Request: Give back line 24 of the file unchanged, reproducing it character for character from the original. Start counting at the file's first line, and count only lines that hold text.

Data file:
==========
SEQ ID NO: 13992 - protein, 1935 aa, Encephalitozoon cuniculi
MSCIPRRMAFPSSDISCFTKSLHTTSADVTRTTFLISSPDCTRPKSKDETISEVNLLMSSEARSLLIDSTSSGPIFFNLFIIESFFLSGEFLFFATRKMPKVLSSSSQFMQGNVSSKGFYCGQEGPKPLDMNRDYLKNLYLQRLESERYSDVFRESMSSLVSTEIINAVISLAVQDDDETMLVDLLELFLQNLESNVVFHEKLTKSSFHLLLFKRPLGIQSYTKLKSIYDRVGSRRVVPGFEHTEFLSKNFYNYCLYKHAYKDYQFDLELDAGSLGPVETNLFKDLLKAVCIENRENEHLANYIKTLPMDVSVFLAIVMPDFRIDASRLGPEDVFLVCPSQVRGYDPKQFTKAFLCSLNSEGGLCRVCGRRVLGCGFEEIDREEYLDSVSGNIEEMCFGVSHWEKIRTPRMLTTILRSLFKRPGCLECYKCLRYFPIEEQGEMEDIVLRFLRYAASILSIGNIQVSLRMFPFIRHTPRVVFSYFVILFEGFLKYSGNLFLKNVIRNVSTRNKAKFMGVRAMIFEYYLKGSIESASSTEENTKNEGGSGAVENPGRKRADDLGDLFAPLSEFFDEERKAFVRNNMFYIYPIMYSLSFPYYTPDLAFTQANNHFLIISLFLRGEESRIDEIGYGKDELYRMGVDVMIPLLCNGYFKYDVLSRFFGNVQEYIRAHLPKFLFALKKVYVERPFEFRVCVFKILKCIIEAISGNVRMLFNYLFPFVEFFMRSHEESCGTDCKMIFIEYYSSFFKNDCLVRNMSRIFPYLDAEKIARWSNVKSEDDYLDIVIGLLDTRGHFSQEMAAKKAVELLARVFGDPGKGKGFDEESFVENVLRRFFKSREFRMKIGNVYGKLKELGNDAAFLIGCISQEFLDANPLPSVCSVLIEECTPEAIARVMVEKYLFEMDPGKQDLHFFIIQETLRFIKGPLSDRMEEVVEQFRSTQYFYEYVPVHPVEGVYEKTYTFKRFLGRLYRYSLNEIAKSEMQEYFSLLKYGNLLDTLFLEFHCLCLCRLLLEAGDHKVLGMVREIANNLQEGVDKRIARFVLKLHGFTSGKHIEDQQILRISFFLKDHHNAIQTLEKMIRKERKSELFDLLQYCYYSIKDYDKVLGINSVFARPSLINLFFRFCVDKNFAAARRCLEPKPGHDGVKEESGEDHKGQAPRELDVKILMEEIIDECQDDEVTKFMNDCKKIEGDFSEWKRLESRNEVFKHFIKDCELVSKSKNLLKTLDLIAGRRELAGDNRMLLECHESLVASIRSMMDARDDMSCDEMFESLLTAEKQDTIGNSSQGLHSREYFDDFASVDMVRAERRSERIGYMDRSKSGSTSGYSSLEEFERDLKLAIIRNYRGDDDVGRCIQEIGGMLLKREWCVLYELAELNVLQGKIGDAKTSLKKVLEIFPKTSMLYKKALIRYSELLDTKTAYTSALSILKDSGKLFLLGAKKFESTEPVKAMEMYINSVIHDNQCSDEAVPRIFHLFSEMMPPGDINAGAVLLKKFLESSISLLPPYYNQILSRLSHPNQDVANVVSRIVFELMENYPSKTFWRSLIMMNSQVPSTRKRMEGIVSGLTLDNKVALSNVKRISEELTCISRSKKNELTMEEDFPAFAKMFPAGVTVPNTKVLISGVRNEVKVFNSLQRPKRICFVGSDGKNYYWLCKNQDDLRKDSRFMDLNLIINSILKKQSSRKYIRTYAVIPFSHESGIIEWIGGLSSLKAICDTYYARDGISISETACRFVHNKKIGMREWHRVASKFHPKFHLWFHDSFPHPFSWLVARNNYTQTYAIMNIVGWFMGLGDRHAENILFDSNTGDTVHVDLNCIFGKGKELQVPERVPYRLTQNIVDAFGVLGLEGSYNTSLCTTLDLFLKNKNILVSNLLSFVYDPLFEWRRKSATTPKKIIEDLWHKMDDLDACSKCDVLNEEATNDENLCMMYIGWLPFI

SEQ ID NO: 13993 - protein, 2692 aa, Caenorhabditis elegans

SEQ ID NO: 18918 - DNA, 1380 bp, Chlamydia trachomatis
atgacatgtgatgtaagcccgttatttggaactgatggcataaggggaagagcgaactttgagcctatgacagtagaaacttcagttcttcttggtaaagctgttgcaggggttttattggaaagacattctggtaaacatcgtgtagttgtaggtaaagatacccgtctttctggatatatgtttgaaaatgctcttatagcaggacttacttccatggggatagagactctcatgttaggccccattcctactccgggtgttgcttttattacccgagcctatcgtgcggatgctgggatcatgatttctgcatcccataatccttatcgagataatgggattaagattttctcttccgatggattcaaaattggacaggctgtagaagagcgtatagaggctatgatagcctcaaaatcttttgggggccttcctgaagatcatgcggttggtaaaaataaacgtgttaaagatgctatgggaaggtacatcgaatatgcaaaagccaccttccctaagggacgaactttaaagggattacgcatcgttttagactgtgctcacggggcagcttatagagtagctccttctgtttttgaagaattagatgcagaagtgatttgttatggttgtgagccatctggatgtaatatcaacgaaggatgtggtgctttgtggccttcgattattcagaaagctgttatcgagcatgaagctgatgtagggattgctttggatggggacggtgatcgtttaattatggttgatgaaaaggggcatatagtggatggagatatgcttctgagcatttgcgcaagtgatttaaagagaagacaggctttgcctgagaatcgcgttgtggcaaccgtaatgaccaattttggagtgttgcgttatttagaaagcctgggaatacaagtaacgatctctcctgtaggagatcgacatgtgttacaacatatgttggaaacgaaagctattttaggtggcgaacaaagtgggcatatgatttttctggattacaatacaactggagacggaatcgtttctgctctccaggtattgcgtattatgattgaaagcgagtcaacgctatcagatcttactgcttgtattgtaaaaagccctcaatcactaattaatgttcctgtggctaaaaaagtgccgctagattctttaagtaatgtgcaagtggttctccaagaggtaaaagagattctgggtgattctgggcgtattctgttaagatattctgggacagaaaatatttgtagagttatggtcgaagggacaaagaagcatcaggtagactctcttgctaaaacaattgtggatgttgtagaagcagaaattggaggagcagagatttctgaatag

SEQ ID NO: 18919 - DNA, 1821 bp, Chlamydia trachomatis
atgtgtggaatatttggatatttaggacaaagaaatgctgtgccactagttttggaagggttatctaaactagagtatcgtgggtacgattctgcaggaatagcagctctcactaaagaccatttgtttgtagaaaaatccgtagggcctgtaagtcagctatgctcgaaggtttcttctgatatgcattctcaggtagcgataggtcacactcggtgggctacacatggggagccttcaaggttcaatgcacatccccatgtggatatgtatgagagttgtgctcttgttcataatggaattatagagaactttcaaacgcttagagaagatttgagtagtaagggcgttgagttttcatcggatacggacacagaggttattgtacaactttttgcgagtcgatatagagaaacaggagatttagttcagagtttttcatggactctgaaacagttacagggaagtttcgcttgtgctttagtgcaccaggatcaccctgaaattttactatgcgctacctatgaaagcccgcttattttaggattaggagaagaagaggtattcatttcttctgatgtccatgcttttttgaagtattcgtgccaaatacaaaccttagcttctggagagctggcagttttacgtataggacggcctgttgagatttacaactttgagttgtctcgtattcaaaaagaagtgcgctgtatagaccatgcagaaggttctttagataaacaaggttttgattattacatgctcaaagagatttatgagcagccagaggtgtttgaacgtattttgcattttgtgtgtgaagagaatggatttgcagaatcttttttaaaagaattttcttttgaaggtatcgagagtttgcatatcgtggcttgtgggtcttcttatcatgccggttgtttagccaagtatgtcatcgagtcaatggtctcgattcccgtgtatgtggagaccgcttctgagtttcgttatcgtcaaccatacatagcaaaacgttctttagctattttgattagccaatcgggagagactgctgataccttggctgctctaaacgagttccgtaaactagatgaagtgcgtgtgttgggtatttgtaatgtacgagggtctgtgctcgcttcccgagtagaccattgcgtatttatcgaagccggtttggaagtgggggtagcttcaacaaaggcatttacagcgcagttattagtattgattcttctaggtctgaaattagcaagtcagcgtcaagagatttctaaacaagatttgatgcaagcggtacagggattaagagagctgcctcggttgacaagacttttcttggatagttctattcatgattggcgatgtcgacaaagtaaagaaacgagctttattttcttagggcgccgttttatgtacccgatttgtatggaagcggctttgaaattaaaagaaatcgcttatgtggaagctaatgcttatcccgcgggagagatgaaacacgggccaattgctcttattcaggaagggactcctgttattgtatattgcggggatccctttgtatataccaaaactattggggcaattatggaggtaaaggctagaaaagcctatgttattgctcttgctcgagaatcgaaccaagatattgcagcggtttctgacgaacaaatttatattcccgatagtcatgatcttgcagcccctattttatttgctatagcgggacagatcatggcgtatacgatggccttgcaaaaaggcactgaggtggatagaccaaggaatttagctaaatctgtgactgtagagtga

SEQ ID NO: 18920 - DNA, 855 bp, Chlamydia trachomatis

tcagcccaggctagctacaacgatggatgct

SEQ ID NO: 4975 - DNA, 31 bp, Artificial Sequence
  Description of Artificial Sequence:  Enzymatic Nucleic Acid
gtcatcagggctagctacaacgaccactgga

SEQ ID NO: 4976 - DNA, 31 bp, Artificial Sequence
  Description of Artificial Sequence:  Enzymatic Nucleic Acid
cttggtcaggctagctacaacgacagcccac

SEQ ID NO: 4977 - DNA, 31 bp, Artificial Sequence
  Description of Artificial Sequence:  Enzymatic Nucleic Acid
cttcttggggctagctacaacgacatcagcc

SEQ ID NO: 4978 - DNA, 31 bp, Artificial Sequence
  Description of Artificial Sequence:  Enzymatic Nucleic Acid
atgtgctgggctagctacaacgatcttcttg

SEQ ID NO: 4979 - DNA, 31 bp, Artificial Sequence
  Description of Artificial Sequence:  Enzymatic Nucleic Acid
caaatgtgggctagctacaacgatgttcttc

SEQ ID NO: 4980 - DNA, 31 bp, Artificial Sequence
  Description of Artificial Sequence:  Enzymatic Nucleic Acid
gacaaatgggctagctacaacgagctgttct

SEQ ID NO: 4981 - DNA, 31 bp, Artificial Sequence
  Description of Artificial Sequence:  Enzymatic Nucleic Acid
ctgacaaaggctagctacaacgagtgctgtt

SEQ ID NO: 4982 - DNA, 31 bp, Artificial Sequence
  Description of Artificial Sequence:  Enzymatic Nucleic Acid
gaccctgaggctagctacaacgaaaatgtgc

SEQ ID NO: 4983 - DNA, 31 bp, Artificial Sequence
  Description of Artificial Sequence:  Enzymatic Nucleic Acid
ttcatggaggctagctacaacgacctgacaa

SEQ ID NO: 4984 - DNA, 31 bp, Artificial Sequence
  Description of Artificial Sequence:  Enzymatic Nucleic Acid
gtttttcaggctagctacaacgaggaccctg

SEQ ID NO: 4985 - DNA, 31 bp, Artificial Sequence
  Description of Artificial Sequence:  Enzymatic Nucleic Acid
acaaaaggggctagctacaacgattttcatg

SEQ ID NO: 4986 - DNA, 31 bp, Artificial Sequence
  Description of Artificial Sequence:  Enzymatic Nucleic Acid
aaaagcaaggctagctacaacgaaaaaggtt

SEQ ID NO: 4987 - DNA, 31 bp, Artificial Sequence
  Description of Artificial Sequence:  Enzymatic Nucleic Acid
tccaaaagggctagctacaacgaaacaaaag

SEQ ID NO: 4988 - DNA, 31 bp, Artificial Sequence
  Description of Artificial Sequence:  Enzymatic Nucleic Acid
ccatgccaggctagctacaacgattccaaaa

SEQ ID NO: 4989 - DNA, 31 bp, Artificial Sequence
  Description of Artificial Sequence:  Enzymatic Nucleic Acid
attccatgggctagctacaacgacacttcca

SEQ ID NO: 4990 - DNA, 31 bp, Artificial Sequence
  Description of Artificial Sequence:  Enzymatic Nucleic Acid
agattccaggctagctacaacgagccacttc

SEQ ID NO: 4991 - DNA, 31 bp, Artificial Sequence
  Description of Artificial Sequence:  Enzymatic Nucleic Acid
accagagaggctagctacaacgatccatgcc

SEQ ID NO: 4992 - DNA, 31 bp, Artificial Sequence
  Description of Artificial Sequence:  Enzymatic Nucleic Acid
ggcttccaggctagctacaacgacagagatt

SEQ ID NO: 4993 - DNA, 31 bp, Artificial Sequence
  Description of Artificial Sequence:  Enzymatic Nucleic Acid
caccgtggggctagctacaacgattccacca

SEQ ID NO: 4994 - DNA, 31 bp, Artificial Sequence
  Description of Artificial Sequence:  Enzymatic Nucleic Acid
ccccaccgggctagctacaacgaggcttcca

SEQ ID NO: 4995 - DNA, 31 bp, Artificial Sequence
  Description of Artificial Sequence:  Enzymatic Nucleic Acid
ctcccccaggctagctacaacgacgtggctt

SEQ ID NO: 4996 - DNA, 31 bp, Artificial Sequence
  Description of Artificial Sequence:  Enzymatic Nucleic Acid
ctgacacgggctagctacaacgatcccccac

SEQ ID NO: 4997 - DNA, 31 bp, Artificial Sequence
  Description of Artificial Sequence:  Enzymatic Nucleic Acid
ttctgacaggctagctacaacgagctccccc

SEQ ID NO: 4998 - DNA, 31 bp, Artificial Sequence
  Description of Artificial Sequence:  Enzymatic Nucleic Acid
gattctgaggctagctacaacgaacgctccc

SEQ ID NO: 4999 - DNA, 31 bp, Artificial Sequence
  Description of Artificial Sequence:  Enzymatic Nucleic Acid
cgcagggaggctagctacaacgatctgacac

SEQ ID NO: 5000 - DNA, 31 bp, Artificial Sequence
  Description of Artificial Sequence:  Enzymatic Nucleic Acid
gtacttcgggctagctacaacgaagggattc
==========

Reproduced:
caaatgtgggctagctacaacgatgttcttc